Sandiganbayan shoots down Hagedorn’s plea bargain bid


    FORMER Puerto Princesa City mayor Edward Hagedorn will face a full-blown trial for the 27 criminal charges filed against him in 2017 by the Office of the Ombudsman over his alleged unexplained wealth.

    In a resolution issued last February 24, the Sandiganbayan Third Division threw out Hagedorn’s motion seeking a reversal of the Nov. 25, 2019 ruling that denied the joint motion he filed with the prosecution seeking approval of a plea bargaining agreement.

    Hagedorn was earlier charged with nine counts each of perjury, graft and violation of section 8 of the Code of Conduct and Ethical Standards for Public Officials and Employees (RA 6713) over alleged misrepresentations in his statements of assets, liabilities, and net worth (SALNs) for the years 2004 to 2012.

    Graft investigation and prosecution officer Ryan Hartzell C. Balisacan claimed Hagedorn deliberately left out from his SALNs his ownership of various real properties, motor vehicles, and corporate/business interests.

    Among the assets allegedly not mentioned in Hagedorn’s SALNs were 59 parcels of agricultural and residential lands, as well as commercial buildings, and 49 motor vehicles most of them motorcycles and a few cars, including a BMW, a Volvo, and three Sports Utility Vehicles (SUVs).

    The prosecution said the accused also held interests in several companies involved in food, media, tourism, and properties.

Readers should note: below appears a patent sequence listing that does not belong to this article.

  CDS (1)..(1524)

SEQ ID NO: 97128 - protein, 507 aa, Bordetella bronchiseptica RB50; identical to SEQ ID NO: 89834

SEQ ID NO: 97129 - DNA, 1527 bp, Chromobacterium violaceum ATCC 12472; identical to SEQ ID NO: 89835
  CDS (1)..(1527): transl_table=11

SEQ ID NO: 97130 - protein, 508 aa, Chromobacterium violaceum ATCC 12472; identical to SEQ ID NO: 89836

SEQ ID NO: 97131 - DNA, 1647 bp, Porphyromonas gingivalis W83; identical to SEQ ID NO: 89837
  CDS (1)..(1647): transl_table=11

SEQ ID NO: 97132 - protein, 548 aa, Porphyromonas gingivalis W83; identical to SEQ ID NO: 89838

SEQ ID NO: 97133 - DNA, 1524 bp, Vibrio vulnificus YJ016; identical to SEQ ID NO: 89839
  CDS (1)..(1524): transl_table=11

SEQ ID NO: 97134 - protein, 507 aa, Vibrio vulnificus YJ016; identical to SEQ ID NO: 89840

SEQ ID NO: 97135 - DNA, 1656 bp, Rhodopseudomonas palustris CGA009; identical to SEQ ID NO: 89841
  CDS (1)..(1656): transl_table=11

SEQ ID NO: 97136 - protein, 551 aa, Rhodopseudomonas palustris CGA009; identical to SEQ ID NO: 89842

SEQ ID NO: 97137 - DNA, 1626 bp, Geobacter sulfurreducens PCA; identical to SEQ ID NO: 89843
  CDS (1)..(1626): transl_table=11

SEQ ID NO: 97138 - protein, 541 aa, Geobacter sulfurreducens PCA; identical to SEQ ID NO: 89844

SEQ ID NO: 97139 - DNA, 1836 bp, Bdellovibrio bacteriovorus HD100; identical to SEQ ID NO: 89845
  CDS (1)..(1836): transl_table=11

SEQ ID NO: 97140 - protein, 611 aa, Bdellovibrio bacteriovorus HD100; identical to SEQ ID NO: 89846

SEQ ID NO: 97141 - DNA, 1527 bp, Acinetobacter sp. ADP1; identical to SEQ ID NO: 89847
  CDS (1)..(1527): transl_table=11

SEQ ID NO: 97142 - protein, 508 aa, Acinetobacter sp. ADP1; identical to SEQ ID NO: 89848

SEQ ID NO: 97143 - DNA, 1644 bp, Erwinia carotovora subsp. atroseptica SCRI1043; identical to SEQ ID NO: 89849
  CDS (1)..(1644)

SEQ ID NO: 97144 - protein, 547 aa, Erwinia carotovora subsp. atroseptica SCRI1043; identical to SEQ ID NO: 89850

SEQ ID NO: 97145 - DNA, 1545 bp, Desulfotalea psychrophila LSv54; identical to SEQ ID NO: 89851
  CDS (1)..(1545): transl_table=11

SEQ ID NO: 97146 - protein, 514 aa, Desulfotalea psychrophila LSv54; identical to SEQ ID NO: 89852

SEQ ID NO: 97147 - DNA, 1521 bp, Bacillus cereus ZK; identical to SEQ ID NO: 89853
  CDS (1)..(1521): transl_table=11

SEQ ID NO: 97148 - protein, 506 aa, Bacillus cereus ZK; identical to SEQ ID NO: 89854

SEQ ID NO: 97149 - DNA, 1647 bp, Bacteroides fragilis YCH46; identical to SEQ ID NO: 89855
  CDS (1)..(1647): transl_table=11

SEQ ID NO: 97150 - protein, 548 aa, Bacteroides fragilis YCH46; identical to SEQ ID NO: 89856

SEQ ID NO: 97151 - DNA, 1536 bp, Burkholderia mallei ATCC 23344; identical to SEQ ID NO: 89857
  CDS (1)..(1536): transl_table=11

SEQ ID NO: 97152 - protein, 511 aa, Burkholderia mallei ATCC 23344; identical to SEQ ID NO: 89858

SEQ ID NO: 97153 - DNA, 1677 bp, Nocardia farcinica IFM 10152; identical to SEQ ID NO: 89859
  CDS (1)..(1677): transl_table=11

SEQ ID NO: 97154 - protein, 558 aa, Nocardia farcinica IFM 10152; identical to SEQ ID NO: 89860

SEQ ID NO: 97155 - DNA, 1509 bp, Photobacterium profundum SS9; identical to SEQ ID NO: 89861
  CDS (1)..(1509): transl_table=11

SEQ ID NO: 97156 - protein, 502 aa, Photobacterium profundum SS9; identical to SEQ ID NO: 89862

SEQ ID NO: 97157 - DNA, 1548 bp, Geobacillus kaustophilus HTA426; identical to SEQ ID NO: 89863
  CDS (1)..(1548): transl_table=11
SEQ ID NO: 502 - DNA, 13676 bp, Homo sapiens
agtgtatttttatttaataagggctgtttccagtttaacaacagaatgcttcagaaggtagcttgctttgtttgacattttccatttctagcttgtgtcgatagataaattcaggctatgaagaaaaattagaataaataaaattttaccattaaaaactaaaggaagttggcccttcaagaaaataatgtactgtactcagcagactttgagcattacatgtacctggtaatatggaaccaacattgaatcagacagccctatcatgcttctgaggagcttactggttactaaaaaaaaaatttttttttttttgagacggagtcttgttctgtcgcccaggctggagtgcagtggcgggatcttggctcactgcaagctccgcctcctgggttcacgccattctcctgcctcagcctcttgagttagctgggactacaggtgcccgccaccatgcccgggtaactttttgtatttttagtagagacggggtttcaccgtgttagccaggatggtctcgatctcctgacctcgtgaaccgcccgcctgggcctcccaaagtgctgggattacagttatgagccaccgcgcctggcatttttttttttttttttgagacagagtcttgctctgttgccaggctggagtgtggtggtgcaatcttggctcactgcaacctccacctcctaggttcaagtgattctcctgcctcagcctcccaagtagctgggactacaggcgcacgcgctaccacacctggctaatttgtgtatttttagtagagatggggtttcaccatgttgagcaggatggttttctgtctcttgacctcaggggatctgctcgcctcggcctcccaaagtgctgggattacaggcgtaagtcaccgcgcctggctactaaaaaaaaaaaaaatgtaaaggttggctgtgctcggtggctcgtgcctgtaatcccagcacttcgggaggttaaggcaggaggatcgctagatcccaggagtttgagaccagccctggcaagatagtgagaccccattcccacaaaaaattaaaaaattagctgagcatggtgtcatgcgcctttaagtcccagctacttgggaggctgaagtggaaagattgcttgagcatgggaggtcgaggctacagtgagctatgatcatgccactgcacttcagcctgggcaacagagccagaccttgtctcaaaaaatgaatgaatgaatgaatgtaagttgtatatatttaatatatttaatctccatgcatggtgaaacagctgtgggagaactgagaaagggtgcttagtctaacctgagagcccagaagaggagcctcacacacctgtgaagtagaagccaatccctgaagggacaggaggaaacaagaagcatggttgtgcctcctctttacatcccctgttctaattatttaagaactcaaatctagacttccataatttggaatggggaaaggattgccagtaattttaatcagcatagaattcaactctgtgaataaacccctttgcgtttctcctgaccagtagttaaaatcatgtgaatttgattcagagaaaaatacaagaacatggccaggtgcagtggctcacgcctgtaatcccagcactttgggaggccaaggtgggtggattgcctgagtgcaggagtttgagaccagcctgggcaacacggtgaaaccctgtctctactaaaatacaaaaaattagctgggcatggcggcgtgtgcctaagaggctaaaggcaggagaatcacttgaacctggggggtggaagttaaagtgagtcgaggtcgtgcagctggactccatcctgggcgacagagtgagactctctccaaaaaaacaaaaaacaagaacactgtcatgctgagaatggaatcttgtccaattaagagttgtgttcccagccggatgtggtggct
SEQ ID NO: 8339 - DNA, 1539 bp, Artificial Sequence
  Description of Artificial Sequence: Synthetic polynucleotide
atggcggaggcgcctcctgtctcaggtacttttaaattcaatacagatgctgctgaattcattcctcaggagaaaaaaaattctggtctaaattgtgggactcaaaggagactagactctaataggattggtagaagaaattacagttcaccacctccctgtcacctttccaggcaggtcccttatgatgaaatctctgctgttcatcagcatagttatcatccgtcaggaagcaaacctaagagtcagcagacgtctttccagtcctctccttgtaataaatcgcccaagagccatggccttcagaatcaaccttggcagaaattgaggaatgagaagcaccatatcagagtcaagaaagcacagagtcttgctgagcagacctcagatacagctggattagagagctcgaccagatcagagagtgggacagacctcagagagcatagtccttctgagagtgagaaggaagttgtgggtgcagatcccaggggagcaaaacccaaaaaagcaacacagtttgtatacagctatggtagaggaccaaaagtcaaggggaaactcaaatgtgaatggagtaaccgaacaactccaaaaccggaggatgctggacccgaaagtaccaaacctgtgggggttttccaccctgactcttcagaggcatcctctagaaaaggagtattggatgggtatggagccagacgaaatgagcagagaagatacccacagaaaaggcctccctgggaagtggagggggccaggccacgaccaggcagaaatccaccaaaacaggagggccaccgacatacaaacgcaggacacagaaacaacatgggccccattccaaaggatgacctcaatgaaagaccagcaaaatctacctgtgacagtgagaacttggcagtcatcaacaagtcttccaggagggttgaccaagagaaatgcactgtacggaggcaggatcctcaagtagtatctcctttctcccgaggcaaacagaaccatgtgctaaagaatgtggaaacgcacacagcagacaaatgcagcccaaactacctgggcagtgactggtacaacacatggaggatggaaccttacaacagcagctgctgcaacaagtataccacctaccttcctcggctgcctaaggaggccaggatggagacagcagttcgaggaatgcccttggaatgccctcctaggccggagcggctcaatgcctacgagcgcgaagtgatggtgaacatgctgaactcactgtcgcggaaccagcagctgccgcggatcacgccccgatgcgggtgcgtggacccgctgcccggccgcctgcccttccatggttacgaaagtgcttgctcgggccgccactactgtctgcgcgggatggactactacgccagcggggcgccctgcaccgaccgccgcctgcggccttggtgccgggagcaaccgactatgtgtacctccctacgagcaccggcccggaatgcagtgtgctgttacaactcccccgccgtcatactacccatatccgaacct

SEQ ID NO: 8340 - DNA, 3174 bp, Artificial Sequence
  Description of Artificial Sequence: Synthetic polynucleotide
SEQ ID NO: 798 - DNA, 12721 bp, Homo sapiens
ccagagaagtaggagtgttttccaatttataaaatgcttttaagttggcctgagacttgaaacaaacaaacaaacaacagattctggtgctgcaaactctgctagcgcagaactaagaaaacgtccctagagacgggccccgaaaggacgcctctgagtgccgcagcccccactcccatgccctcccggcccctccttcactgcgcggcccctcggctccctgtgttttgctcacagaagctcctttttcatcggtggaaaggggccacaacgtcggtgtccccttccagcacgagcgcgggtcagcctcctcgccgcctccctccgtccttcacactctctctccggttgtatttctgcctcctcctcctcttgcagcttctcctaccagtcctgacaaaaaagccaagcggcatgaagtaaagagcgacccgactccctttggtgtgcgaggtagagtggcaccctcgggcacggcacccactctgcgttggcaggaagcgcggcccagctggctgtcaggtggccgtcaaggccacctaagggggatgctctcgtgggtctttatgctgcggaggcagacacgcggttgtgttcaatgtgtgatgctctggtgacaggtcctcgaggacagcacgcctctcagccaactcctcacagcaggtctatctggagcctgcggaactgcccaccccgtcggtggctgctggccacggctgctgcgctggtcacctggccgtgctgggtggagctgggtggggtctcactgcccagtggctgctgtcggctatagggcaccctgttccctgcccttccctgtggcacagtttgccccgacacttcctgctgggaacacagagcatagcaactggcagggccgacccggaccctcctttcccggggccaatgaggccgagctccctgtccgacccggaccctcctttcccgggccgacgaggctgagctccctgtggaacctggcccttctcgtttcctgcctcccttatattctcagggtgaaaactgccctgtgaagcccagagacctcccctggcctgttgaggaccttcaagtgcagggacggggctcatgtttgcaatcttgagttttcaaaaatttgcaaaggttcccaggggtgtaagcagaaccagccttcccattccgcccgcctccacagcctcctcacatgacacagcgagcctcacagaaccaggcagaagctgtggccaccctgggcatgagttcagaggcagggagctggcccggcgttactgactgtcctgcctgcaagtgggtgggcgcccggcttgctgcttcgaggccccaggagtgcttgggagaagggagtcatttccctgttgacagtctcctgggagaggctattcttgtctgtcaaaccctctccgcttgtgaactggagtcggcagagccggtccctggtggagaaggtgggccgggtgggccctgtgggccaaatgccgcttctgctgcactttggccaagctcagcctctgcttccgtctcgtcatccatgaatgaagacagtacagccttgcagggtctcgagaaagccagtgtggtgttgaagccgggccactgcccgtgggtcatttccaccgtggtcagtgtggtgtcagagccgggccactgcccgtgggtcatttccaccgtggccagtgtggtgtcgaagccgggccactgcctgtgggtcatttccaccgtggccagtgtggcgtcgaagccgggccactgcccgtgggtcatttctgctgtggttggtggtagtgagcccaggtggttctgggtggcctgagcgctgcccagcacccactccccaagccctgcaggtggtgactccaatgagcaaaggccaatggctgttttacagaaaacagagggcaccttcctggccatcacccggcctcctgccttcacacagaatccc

The Ombudsman noted Hagedorn’s SALNs from 2004 to 2012 showed he declared only three real properties located in Puerto Princesa City and one real property located in Parañaque City.

    In his motion, Hagedorn asked the court to “take a second hard look” into his case as he underscored that they are mere allegations which have not been proven.

    He insisted that he declared his net worth in good faith while he was in government service, saying he even attached a separate list to his SALN to include all the assets he could think of as they did not fit in the official form.

    The accused said that, not being a lawyer, he tried to comply with the law as he understood them.

    However, the court said the motion lacked merit and clarified that Hagedorn’s contention that the cases were mere allegations will be addressed during a full blown trial.

    “Undoubtedly, the court cannot conclusively pass on the merits of the allegations without the formal introduction of evidence and the rigors of trial,” the Sandiganbayan said.

    It pointed out that a trial will accord Hagedorn the opportunity to expound his claims of good faith, lack of malice, and substantial compliance to the rules for the filing of SALNs.

    The court added that allowing the accused former mayor to plea bargain would be to deal a “veritable slap on the wrist” considering the length of time and number of properties involved.

    “To be sure, such an outcome trivializes the purposes for requiring the filing of SALN.

    Approving such an agreement would be the height of disservice to the public,” the court said.

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